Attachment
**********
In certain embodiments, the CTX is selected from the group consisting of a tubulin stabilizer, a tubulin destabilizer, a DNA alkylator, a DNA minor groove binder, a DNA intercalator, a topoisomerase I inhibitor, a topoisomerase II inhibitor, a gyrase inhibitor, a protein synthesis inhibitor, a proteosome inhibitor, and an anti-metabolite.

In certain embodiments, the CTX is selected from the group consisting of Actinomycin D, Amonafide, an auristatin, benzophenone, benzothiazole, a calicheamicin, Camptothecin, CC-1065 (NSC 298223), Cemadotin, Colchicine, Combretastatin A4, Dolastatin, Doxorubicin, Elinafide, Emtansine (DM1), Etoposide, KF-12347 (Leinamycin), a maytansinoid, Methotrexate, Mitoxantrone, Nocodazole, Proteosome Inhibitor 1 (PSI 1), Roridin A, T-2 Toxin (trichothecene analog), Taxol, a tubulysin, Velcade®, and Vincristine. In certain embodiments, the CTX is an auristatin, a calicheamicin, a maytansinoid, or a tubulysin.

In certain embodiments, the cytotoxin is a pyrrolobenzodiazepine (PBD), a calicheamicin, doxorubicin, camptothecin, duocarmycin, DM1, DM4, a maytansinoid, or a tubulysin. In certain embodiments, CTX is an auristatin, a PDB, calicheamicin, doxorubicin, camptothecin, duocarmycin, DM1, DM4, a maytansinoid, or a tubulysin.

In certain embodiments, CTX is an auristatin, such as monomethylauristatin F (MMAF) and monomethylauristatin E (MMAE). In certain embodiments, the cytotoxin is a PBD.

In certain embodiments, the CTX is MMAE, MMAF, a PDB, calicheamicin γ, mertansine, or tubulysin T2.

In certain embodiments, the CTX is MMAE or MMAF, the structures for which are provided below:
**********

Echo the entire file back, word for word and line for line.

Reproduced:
In certain embodiments, the CTX is selected from the group consisting of a tubulin stabilizer, a tubulin destabilizer, a DNA alkylator, a DNA minor groove binder, a DNA intercalator, a topoisomerase I inhibitor, a topoisomerase II inhibitor, a gyrase inhibitor, a protein synthesis inhibitor, a proteosome inhibitor, and an anti-metabolite.

In certain embodiments, the CTX is selected from the group consisting of Actinomycin D, Amonafide, an auristatin, benzophenone, benzothiazole, a calicheamicin, Camptothecin, CC-1065 (NSC 298223), Cemadotin, Colchicine, Combretastatin A4, Dolastatin, Doxorubicin, Elinafide, Emtansine (DM1), Etoposide, KF-12347 (Leinamycin), a maytansinoid, Methotrexate, Mitoxantrone, Nocodazole, Proteosome Inhibitor 1 (PSI 1), Roridin A, T-2 Toxin (trichothecene analog), Taxol, a tubulysin, Velcade®, and Vincristine. In certain embodiments, the CTX is an auristatin, a calicheamicin, a maytansinoid, or a tubulysin.

In certain embodiments, the cytotoxin is a pyrrolobenzodiazepine (PBD), a calicheamicin, doxorubicin, camptothecin, duocarmycin, DM1, DM4, a maytansinoid, or a tubulysin. In certain embodiments, CTX is an auristatin, a PDB, calicheamicin, doxorubicin, camptothecin, duocarmycin, DM1, DM4, a maytansinoid, or a tubulysin.

In certain embodiments, CTX is an auristatin, such as monomethylauristatin F (MMAF) and monomethylauristatin E (MMAE). In certain embodiments, the cytotoxin is a PBD.

In certain embodiments, the CTX is MMAE, MMAF, a PDB, calicheamicin γ, mertansine, or tubulysin T2.

In certain embodiments, the CTX is MMAE or MMAF, the structures for which are provided below: